I picked up the phone, sure needed a friend
Hoping to find some perspective and wisdom in pain, on the other end
I heard grace and truth, and started to see
God confirmed what you said in his Word and then somehow it made sense to me
And I was a little more free when you were Jesus to me

You were His Love, You were his comfort, bringing the hope that I needed to find
You held me up when I was fallin’ now I know Jesus leaves no one behind
You showed me love.
Jesus is Love.

This was the song “When You Were Jesus to Me” from the powerful album “So I Can Tell” that my friend Cheri Keaggy released and shared with me when my marriage went through its darkest season. At that point in our marriage, Mark had told me that he was leaving and he had no intention of coming back. (You can find the full story here.)

At this time in my life, I was so crushed by grief, and it was squeezing the life out of me. I was in a full-on emotional crisis.

As I walked through that dark season, God greatly increased my empathy, compassion, and mercy. More than that, through the loving actions of my dearest friends, He also showed me how to respond in a crisis. My friends were truly Jesus to me.

Even if you don’t have the opportunity to be “Jesus with skin on” right now, you’ll likely have that opportunity in the future. Just like my friend Cheri, and many others during that season of my life, did for me, here are some tangible ways you can make a difference when a friend faces a crisis:

1) Simply be there.

Your presence means more than you know. Don’t feel like you need to say any words, just hold them and let them weep. My friend Becky did this for me. She was at my house within the hour and she didn’t leave until two days later. I’m grateful that Becky’s husband supported her staying with me for that long. Eventually, my sister came for a couple of days and then my dad came and stayed for 4 more days. This support was so important for me and for my boys who were still at home.

2) Think for the person.

When a crisis hits, the last thing that person can do is think about taking care of themselves. In those first few days, I honestly don’t think I would have had anything to eat or drink if Becky or my sister Juli had not actually put the plate of food or the glass of water in front of me and said, “Eat” or, “Drink.”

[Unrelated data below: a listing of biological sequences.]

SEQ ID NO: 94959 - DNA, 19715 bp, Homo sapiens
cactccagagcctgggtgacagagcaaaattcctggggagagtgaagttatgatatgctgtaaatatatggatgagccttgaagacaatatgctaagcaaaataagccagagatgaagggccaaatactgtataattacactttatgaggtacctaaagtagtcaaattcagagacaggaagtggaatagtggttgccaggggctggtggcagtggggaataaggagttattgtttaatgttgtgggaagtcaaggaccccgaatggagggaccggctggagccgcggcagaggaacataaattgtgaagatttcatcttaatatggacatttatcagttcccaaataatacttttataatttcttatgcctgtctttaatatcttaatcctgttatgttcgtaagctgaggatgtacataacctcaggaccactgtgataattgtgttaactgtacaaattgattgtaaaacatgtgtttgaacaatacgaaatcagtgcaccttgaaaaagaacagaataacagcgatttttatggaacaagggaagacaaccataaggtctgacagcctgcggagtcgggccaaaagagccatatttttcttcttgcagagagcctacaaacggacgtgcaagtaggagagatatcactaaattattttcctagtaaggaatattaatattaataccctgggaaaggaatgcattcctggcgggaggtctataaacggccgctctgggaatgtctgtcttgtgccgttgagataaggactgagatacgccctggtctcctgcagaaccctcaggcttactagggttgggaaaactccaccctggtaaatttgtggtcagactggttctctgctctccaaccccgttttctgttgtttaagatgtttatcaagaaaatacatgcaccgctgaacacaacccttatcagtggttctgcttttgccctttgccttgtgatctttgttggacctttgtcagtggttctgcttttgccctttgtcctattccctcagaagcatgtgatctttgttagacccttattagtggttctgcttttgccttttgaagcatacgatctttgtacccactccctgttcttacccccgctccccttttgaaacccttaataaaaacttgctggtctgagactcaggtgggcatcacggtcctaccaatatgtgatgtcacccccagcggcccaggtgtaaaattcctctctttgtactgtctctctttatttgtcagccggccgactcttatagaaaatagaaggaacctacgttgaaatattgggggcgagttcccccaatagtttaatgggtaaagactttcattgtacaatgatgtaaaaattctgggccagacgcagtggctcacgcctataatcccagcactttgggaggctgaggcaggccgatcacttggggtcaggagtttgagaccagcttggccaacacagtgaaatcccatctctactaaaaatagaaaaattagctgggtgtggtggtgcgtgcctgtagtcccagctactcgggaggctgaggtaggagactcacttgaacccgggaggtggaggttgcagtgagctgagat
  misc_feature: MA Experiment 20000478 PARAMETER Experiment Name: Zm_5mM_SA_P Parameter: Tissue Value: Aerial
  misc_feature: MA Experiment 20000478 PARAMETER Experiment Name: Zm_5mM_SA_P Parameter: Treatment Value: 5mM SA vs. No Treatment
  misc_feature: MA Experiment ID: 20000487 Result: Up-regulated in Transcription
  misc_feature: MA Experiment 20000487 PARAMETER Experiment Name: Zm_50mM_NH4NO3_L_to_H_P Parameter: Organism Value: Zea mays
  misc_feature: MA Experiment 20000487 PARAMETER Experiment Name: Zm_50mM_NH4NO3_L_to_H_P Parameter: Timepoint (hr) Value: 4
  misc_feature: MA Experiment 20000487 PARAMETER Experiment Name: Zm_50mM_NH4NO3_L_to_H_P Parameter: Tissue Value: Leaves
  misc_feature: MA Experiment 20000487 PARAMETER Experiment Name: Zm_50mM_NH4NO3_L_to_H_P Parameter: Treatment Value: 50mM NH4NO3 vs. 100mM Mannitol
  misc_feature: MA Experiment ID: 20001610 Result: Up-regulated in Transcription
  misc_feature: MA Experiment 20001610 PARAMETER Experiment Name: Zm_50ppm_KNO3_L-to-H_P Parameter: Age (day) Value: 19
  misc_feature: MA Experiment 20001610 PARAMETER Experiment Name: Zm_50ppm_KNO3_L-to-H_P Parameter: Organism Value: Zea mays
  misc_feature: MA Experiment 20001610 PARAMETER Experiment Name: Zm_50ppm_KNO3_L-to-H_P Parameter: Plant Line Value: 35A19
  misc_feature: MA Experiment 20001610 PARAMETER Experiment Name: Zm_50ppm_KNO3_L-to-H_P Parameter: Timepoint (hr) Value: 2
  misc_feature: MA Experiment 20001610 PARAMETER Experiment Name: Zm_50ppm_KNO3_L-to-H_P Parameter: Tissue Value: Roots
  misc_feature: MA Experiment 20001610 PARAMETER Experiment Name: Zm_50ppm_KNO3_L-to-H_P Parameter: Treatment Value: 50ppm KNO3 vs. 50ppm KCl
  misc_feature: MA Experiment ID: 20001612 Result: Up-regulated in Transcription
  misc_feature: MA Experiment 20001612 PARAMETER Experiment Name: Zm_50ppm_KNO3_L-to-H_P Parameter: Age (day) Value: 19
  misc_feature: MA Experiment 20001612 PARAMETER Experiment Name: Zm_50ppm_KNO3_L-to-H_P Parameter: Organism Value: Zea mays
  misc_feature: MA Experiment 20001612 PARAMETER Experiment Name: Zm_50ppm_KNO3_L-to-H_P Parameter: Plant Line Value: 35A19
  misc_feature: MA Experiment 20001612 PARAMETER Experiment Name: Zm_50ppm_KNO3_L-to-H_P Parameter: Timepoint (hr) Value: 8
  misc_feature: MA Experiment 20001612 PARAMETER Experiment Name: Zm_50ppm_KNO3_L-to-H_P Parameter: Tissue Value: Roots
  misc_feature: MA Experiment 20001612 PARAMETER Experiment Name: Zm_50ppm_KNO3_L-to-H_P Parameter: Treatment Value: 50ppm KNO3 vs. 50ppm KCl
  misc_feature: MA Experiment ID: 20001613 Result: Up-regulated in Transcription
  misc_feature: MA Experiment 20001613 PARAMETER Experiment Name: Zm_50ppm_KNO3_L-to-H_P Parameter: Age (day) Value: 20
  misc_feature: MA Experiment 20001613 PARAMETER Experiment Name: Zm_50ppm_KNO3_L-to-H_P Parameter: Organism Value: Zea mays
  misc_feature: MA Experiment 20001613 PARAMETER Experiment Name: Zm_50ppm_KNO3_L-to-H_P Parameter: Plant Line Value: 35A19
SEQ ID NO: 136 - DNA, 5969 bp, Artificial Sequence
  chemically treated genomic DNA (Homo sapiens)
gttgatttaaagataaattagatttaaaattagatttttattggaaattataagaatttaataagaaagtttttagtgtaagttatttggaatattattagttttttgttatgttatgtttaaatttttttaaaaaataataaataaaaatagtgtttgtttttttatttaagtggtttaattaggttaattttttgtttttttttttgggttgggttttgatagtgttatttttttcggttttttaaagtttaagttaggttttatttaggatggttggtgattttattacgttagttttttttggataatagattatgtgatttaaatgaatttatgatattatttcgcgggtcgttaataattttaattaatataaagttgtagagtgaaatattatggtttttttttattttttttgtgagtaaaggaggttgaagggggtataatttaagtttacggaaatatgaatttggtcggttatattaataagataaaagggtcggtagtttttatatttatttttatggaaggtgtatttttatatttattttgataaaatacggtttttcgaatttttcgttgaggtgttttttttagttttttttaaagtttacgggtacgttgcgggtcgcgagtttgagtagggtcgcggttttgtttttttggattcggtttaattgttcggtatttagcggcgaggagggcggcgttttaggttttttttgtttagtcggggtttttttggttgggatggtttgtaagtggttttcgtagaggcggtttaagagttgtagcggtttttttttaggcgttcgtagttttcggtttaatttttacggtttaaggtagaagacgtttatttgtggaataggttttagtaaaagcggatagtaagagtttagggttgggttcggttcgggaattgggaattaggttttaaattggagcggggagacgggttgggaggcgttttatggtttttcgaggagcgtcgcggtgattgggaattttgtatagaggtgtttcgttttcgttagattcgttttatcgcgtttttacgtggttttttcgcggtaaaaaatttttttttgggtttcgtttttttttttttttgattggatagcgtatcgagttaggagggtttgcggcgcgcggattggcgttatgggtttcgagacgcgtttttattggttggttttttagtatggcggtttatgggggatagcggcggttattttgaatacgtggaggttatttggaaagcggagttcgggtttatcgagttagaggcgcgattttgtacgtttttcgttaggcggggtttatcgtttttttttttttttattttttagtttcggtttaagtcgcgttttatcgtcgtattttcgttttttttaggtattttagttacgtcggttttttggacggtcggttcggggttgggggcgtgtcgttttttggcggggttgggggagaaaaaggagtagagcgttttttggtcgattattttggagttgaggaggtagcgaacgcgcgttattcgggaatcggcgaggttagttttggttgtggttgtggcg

It is vital to have a community of friends and family around you, even when you are not experiencing a crisis.

LISTEN: Finding and Keeping Friendships | Episode 115

3) Provide food.

My friends Crystal and Lisa, who also stayed with me until well after midnight the first night, brought meals throughout that first weekend. My Hearts at Home family (the organization I used to lead) and church family set up a meal plan for several weeks. This was so helpful because I suddenly had so many other things I had to take care of. Not having to think about meals was a weight off my shoulders.

4) Help with daily routines.

My friends and family cleaned, did dishes, made guest beds, ran to the store, picked up prescriptions…you name it…they did it. I was so thankful! For the first month, my friend Crystal called me anytime she was running to the store to see if I needed anything. I was so thankful because this kept me out of public settings where I could lose it emotionally.

I can’t express enough how much I appreciated these women and friends coming around me during this time. Developing strong friendships can be challenging and there are barriers our culture promotes to creating those real connections.

(By the way, looking to make new connections? Here’s a good place to start.)

5) Help with the “unpleasant” tasks.

When Mark requested more of his personal belongings during that time, I could not handle packing those things up. Crystal and Becky graciously came to do that job for me. If the crisis your friend is going through involves a death, this can particularly be helpful when that friend is ready to part with the personal belongings of the person who has died. Even answering phone calls can be an “unpleasant” task. Don’t hesitate to do that for the person to protect them from having to share the story one more time.

LISTEN: Developing Stronger Friendships with Craig Cooper | Episode 100

6) Don’t be afraid to help.

Even if the person can’t express it at the moment, you are not infringing on their privacy. You are helping them survive. I always worried about infringing on someone’s privacy in times of crisis until I was on the receiving side of a crisis. I had trouble functioning, especially in the early days. I was so thankful for friends and family who didn’t leave my side or wait to be asked to step in.

7) Pray with and for the person.

When in crisis, sometimes it is hard to find the words to utter to God or you don’t have words at all, just tears. There are times you can just be there and times you can be the one to utter the words to God on their behalf.

We all need each other both in good times and bad. We were designed to live in community with other people. Your friends will never forget when you were Jesus to them.

This is why I wrote my book Better Together: Because You’re Not Meant to Mom Alone. We were not meant to do life alone. We can create deep friendships where we encourage one another, learn from each other, and so much more! This book is a storehouse of creative ideas for how to make mothering easier, richer, and more fun than you ever thought possible.

What about you? Have you ever been loved well through a crisis?
What would you add to this list?

Want regular encouragement?

Subscribe to get Jill's latest content by email.

(You can view our privacy policy here.)

Powered by ConvertKit